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EPA Proposes to Withdraw Use of Pesticide Sulfuryl Fluoride on Food

Pesticide Issues

The action is part of a larger government wide reappraisal of acceptable levels of aggregate fluoride exposure.

Jodi Dorsch | February 2, 2011

WASHINGTON, D.C. — The U.S. Environmental Protection Agency in January announced it had re-evaluated the science on fluoride and was taking steps to begin a phased-down withdrawal of the pesticide sulfuryl fluoride (SF) on food, a pesticide that breaks down into fluoride and is commonly used in food-storage and -processing facilities. EPA is proposing to phase out the uses on food over a three-year period.

The action is part of a larger government wide reappraisal of acceptable levels of aggregate fluoride exposure.

Dow AgroSciences, manufacturer of SF, said the firm “is disappointed with EPA’s announcement of a proposal for a multi-year phase out of food tolerances for sulfuryl fluoride, a material important to the sustainability of the U.S. food supply. EPA’s proposed action offers no meaningful public health or environmental benefits and would actually detract from U.S. public health goals.”

Sulfuryl fluoride is registered for the control of insect pests in stored grains, dried fruits, tree nuts, coffee and cocoa beans, and for use in food-handling and -processing facilities. EPA said in a statement that “although sulfuryl fluoride residues in food contribute only a very small portion of total exposure to fluoride, when combined with other fluoride exposure pathways, including drinking water and toothpaste, EPA has concluded that the tolerance (legal residue limits on food) no longer meets the safety standard under the Federal Food, Drug, and Cosmetic Act (FFDCA) and the tolerances for sulfuryl fluoride should be withdrawn.”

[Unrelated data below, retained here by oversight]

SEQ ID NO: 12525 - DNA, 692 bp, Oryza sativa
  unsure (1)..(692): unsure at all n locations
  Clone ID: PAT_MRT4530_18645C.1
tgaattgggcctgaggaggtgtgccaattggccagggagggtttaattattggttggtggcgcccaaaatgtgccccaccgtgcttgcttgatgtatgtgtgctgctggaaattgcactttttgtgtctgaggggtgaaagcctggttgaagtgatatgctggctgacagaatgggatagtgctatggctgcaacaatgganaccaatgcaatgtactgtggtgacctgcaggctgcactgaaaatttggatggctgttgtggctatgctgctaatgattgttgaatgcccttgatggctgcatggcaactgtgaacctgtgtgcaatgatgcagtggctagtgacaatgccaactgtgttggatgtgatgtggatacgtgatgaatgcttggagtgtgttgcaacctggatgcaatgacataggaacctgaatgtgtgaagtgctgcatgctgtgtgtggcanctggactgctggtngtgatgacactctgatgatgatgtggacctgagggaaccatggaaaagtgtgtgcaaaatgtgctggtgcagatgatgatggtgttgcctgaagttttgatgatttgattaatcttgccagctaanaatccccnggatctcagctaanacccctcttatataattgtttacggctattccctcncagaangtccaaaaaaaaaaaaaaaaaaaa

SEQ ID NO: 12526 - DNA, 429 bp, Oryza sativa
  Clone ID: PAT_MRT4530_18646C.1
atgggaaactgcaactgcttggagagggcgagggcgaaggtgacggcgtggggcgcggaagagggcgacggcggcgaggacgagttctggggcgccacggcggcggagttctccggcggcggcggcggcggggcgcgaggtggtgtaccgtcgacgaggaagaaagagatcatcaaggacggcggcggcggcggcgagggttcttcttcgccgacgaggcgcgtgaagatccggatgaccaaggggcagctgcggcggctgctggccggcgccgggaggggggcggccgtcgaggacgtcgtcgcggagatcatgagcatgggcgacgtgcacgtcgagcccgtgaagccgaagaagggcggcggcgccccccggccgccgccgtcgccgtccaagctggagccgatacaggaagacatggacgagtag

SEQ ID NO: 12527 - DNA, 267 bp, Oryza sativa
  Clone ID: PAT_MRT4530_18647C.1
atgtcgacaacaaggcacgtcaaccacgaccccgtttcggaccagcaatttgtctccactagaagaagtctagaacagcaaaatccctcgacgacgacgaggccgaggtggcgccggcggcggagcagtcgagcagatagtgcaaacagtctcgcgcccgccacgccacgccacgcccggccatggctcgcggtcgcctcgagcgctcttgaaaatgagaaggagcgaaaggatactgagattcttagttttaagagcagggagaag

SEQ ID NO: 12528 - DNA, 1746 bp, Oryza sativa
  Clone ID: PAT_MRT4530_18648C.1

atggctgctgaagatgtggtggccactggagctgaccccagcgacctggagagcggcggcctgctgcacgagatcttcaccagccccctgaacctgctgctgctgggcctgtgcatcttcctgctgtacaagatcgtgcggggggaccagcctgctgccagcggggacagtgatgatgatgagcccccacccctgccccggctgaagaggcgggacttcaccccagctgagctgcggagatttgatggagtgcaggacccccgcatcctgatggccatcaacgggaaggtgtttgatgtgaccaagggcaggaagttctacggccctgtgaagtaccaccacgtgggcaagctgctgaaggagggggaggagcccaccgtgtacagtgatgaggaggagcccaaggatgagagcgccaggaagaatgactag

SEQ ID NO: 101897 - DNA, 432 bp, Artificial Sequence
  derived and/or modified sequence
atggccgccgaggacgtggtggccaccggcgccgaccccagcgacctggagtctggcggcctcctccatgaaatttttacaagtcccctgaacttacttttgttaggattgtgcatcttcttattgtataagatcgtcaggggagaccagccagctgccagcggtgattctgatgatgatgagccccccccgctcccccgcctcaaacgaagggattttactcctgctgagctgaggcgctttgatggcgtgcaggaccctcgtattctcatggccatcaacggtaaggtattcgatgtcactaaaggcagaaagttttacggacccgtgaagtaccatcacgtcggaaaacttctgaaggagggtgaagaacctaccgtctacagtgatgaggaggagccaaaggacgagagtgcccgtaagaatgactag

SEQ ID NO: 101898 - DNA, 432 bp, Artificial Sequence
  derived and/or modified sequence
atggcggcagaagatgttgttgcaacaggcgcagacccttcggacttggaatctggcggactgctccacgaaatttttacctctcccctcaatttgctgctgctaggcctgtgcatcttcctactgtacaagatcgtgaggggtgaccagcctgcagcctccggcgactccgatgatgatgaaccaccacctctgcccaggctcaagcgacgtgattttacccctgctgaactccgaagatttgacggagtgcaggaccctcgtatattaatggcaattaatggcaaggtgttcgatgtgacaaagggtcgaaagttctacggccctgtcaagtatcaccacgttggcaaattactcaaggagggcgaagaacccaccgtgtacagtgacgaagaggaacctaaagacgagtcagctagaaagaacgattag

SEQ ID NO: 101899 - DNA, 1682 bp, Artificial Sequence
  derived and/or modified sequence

EPA opened a 90-day public comment period for stakeholder input on its proposal on Jan. 19.

Sulfuryl fluoride protects the U.S. food supply from contamination by pests such as rats, moths and cockroaches, Dow AgroSciences said. “Sulfuryl fluoride is also the sole practical alternative for food-processing and -storage facilities to” methyl bromide (MB), which is being phased out due to concerns about safeguarding the earth’s protective ozone layer, the company said.

Indeed, EPA said sulfuryl fluoride is an important replacement for several post-harvest uses of methyl bromide. MB is being phased out in developed countries under the Montreal Protocol, and many industries that previously relied on methyl bromide to control insect pests in stored and processed food commodities and in food-processing and -handling facilities made a transition to sulfuryl fluoride. EPA said since sulfuryl fluoride is an important alternative to the ozone depleting pesticide methyl bromide, the agency is proposing to phase out uses of sulfuryl fluoride over a period of three years. EPA said it will work with users of sulfuryl fluoride to identify potential alternatives.